A day after the City Council decided to go to the ballot box in June for pension reform, the police union signed a tentative agreement Wednesday with the city of San Jose to extend a 10-percent pay cut through the 2012-13 fiscal year. The agreement will need to be ratified by the Police Officers Association membership. If that is achieved, the POA expects the deal to save the city $25 million.
Voting will begin Tuesday, POA President Jim Unland said, and an arbitration hearing with the city that was scheduled for Monday has been canceled. Unland added that he is hopeful the agreement will prevent any more police officers from being laid off. This past summer, 66 officers were laid off for the first time in city history.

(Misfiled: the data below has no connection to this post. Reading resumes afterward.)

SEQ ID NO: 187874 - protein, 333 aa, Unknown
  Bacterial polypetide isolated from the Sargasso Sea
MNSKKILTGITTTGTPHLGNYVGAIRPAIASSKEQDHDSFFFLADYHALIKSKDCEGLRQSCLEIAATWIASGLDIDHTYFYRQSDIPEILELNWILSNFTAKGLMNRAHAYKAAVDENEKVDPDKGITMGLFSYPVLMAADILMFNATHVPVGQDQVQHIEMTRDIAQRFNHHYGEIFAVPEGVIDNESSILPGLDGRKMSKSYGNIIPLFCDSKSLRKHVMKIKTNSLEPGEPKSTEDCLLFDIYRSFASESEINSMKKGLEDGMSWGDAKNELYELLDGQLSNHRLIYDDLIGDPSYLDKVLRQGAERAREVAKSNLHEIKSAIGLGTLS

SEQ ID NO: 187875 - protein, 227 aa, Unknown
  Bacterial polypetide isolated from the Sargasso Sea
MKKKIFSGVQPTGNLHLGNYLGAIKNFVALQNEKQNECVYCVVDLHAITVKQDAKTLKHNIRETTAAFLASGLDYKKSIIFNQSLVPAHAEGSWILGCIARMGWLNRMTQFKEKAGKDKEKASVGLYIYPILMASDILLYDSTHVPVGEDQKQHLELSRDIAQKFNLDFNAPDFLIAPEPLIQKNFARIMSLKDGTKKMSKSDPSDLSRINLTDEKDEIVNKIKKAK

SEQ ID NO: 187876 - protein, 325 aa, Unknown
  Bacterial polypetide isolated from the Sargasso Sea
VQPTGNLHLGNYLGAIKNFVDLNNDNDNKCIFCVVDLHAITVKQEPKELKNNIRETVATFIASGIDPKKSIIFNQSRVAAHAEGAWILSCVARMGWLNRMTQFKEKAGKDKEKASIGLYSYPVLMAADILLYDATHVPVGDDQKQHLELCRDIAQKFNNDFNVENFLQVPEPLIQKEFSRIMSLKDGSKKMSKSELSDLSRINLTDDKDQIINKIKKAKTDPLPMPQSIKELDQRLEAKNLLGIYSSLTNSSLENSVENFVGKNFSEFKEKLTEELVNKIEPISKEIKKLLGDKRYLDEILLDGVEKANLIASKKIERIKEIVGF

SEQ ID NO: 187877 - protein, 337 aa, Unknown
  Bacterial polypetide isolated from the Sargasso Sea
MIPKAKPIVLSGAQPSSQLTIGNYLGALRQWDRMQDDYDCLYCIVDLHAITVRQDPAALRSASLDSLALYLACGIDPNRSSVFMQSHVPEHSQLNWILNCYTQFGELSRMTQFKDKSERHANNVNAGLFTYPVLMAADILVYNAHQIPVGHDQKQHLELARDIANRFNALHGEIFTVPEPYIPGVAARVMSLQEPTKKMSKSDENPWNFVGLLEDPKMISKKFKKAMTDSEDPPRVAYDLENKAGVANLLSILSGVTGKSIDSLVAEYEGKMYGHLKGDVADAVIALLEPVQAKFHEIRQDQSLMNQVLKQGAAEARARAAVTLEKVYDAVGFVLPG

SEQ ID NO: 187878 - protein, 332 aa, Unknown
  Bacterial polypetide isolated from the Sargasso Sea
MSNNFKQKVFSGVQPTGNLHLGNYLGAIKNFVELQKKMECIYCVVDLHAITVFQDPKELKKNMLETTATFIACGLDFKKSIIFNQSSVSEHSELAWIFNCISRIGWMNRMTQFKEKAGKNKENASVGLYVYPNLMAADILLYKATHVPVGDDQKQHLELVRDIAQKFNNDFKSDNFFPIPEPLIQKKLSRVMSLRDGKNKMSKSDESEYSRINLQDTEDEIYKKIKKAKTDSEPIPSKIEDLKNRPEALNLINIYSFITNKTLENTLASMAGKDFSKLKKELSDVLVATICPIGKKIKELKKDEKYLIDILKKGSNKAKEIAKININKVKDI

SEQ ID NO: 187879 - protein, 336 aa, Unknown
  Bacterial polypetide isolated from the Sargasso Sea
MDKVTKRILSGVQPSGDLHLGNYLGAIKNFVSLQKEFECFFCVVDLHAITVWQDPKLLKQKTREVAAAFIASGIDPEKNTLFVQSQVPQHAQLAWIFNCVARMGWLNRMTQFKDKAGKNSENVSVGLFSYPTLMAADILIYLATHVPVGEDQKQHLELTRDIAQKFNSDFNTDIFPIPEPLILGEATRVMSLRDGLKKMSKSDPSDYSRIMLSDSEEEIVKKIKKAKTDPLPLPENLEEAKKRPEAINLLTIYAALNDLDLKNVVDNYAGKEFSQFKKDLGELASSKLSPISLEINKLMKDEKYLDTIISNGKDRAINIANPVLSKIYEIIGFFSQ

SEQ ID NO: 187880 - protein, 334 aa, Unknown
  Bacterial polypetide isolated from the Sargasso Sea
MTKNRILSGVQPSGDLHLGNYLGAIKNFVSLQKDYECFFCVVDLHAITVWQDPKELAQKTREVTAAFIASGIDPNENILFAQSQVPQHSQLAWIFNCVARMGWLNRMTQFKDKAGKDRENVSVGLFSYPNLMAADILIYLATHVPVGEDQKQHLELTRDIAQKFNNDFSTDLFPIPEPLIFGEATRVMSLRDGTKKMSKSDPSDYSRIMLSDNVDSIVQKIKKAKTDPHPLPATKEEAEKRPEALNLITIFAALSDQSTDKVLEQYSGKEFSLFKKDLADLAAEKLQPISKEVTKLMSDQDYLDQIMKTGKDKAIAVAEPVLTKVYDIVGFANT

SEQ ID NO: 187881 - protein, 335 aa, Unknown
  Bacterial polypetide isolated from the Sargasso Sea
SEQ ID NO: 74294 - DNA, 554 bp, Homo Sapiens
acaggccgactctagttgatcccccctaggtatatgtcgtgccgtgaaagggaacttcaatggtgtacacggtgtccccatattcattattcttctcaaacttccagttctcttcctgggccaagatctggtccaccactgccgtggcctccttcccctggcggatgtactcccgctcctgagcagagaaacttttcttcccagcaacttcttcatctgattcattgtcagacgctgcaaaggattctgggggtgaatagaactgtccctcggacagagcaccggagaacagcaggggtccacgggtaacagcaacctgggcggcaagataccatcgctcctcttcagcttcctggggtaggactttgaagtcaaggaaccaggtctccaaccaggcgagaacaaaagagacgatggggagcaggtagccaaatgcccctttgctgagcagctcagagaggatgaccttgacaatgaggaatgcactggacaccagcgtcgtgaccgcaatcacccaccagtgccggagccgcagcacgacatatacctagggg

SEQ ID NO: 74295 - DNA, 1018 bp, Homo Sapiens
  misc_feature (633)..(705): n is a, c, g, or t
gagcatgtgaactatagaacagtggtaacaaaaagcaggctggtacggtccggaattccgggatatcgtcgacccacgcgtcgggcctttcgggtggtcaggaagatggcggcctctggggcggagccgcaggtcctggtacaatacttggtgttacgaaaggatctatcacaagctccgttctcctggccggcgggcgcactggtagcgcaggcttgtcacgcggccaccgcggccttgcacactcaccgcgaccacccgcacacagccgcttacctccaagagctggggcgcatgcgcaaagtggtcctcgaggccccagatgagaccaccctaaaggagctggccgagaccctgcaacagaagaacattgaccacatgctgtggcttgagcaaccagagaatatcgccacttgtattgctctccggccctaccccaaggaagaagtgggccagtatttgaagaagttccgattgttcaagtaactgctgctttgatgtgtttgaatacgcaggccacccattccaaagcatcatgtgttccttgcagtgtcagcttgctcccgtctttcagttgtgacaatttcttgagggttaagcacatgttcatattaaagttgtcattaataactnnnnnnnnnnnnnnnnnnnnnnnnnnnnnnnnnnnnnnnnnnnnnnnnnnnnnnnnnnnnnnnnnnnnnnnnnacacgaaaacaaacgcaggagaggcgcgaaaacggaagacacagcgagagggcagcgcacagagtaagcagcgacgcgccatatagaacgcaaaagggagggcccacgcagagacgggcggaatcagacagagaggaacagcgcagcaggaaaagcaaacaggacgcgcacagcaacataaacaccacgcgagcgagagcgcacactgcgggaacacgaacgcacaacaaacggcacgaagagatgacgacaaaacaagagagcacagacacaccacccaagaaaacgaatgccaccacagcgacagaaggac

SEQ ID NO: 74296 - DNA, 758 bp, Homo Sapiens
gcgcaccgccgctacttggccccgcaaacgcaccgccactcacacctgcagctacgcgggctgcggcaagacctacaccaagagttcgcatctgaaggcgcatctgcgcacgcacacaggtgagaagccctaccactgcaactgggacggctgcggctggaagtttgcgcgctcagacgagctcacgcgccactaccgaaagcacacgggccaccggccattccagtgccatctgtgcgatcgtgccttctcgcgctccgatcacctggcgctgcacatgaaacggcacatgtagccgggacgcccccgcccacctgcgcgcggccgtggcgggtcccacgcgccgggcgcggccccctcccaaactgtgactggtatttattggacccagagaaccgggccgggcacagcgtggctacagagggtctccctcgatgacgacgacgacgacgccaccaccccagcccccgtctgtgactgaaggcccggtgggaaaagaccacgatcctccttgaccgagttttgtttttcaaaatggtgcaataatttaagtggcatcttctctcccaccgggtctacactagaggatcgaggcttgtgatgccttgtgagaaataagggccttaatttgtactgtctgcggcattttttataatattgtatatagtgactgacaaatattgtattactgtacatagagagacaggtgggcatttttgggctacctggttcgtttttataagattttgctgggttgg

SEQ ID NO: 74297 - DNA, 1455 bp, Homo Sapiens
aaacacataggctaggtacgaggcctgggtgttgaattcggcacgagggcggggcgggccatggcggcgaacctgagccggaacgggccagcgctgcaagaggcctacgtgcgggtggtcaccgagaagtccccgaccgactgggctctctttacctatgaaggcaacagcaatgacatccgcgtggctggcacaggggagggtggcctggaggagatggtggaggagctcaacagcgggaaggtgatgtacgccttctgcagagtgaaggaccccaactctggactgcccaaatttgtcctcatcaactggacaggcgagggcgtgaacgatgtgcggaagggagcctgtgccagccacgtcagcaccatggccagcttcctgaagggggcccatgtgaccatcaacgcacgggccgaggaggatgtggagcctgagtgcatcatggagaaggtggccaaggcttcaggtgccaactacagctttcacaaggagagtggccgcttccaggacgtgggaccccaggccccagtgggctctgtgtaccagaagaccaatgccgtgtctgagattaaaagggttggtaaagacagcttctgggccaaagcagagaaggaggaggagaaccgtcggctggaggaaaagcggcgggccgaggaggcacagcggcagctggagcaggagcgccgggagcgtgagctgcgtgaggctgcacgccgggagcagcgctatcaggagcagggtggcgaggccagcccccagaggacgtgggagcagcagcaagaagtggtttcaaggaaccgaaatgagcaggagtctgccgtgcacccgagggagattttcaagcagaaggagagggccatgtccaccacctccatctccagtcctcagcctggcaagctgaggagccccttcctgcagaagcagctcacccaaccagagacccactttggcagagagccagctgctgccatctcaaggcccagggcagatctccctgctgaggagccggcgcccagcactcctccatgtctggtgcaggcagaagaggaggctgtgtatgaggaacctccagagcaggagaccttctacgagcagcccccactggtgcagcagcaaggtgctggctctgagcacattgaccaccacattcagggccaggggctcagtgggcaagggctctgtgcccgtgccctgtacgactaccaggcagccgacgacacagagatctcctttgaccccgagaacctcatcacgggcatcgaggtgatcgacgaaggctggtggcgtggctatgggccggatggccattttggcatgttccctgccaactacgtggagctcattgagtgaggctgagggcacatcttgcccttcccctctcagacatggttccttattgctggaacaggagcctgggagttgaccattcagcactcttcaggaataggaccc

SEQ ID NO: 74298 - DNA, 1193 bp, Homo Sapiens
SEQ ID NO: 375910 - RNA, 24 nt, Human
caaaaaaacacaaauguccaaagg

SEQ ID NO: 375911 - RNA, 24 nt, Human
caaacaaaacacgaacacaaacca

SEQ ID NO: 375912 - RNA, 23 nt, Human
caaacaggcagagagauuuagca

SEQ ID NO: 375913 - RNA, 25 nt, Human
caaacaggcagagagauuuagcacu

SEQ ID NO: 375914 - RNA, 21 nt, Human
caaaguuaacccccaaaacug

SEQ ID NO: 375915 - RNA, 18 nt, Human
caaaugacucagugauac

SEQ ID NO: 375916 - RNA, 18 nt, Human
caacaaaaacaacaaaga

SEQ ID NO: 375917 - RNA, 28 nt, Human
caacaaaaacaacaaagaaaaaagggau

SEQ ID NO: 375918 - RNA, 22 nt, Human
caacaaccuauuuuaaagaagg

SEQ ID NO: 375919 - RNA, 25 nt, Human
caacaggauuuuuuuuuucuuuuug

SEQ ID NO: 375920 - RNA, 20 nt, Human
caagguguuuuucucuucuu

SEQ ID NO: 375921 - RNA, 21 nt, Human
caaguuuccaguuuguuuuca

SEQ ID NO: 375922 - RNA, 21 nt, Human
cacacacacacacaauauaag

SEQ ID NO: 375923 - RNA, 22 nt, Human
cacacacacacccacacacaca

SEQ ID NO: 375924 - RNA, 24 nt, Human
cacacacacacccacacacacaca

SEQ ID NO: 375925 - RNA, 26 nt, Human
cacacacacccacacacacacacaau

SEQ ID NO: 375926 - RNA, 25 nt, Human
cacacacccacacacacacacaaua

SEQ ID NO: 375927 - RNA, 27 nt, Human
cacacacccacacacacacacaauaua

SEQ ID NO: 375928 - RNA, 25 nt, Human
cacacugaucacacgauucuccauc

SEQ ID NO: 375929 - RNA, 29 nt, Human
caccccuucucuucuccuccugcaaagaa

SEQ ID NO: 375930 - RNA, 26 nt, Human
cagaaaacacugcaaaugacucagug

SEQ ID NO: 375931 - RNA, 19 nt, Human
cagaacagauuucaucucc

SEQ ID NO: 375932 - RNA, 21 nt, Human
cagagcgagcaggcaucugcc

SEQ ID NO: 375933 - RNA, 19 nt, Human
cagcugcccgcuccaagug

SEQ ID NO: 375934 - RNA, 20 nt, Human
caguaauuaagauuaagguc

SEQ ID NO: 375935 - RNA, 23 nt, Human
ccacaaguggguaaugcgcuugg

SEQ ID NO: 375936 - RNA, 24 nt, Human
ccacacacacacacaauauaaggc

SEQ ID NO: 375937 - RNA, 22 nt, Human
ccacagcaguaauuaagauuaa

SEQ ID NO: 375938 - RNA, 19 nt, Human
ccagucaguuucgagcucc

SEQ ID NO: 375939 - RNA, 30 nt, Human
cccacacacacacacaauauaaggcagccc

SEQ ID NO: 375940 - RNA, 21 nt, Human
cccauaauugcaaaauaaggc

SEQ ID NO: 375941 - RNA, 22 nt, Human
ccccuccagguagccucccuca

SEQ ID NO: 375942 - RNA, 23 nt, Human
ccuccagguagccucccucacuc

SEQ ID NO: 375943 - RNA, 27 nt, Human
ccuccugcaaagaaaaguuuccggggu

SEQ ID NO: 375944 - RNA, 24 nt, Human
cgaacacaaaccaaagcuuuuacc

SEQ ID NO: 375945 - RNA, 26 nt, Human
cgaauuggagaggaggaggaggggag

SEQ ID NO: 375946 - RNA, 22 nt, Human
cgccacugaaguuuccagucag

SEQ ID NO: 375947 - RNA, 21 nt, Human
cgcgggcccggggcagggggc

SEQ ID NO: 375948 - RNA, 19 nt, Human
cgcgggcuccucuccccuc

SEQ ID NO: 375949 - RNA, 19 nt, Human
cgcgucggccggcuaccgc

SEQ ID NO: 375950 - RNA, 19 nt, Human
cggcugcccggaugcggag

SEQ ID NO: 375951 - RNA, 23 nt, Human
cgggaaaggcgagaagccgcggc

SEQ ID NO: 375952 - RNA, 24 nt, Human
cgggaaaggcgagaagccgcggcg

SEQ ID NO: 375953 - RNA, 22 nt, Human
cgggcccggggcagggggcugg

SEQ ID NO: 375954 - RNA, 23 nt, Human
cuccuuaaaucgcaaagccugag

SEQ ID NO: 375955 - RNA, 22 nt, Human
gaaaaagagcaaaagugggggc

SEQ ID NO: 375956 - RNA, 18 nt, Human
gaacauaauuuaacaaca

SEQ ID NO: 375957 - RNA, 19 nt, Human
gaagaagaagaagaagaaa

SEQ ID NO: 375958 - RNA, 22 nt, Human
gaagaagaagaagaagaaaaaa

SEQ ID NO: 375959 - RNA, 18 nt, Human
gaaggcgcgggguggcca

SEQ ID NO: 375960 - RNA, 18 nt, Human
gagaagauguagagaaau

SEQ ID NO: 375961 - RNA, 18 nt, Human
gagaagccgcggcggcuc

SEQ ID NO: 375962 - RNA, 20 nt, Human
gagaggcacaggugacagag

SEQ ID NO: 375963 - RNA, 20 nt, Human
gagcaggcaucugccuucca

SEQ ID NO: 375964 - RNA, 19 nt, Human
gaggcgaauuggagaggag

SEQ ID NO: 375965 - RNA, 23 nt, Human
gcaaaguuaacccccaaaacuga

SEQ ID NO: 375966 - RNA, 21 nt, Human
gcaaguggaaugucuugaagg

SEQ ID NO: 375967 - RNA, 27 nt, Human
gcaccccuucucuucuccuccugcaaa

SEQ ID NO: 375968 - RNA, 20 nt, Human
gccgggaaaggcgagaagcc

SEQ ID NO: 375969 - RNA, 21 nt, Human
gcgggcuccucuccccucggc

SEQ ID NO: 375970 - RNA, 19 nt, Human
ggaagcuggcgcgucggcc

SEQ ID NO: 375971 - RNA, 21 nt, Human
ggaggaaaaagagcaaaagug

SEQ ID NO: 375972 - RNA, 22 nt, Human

The timing of the deal is surprising considering how upset unionized employees were about the council’s 6-5 vote to have pension reform on the ballot. But Unland said the POA had been working on the deal for several days before Tuesday’s vote.
“I’m trying to not to put the two together,” he said. “I think our actions continue to show we’re trying to find solutions, and I think the actions of the mayor [Tuesday] night show he’s just a political animal. That vote did not have to happen.”
Both Mayor Chuck Reed and the city’s lead negotiator, Alex Gurza, noted in a Mercury News report that the concessions by the POA would remove a major obstacle in balancing next year’s budget. Both, however, maintain that pension reform is key and negotiations should continue.